If brands had conviction in their messaging, then even if the social media crusaders were loud, it should not have shaken the loyalty that shoppers felt toward the brand. “A lot of the time, brands find purpose by standing up for a social cause. Although there is nothing wrong with that, they should be aware of the risks prior, else it’s a foolish move. If they took the risk, and then backed out because of a controversy, then it’s sad,” adds Menon.

On the other hand, Vigyan Verma, Founder of brand consultancy company, The Bottom Line, wonders whether such ads would be talked about if the controversy did not exist. “It’s important to question whether there is an intrinsic appeal in the brands or are they riding on a controversy? I’m not a believer in ‘some publicity is better than no publicity’. The context of association is important, because it may help in the short-term marketing metrics, but harm the brand in the long run,” he says.

But there were some brands like Fortune Oil that were put in a spot yet came out unscathed.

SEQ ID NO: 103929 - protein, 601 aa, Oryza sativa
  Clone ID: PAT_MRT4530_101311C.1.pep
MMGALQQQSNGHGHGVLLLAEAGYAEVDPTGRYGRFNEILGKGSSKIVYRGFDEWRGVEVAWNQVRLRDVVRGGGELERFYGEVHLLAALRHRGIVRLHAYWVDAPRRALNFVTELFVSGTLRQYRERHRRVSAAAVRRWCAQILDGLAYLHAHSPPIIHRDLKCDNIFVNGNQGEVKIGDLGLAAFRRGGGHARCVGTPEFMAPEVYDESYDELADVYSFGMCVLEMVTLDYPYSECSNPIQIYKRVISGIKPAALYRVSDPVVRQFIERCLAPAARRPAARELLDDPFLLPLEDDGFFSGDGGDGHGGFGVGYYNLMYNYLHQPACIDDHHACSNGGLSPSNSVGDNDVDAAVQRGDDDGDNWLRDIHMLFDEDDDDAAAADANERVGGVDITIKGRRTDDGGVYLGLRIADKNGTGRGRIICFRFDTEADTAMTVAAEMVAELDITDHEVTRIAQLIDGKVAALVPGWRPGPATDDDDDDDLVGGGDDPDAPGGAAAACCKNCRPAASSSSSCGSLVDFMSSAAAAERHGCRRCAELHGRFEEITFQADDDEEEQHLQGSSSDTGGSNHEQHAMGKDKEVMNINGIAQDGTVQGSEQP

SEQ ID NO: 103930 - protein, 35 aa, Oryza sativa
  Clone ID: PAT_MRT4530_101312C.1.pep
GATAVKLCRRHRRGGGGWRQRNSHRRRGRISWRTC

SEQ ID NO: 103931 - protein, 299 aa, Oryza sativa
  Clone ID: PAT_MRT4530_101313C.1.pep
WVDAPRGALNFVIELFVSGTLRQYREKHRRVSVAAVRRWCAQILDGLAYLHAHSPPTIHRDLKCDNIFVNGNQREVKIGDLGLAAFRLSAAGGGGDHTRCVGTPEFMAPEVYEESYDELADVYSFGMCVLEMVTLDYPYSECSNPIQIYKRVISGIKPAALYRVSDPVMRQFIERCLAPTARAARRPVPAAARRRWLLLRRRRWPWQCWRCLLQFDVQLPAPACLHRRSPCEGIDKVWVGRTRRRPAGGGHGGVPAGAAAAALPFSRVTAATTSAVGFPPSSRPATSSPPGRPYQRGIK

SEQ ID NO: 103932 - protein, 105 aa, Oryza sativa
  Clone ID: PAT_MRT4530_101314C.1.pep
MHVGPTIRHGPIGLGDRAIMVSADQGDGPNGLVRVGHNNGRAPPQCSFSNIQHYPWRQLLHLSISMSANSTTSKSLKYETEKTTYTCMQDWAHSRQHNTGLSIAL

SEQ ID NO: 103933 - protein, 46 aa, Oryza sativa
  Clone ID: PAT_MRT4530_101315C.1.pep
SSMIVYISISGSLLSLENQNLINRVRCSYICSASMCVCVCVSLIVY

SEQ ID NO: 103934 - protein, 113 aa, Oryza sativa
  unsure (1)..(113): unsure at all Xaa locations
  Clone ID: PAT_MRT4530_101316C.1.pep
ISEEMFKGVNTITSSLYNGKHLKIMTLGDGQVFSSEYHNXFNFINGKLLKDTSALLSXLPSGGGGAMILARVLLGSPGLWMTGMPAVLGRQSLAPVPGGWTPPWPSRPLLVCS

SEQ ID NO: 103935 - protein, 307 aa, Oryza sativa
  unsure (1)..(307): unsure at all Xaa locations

When cricketer Sourav Ganguly suffered a heart attack, many trolled Fortune Oil for its heart-healthy brand positioning. But, the company stuck to Ganguly and used the opportunity to educate its audience, which served the brand better. As Parameswaran says: “Fortune Oil took it in its stride, and said: If it can happen to Ganguly, it can happen to you, so be careful. Negative reaction to an ad is expected but brands need to decide whether they want to engage and hit back or stay quiet and ignore depending on the issue.”

Parameswaran points to a foreign ad by the fitness equipment company Peloton, which made a statement by turning negative responses and tumbling stock prices into positive buzz with a timely, humorous ad. The company bore the brunt of an ill-fated product placement in And Just Like That , HBO Max’s sequel series to Sex and the City , where one of the main characters collapses after a Peloton workout. As a quick-witted response, Peloton put out an ad featuring the same actor with a hilarious declaration that he’s alive and well, unlike the fictional character, and ends with actor Ryan Reynolds’s narration on the health benefits of cycling, which became a viral social media sensation.

Competitive advertising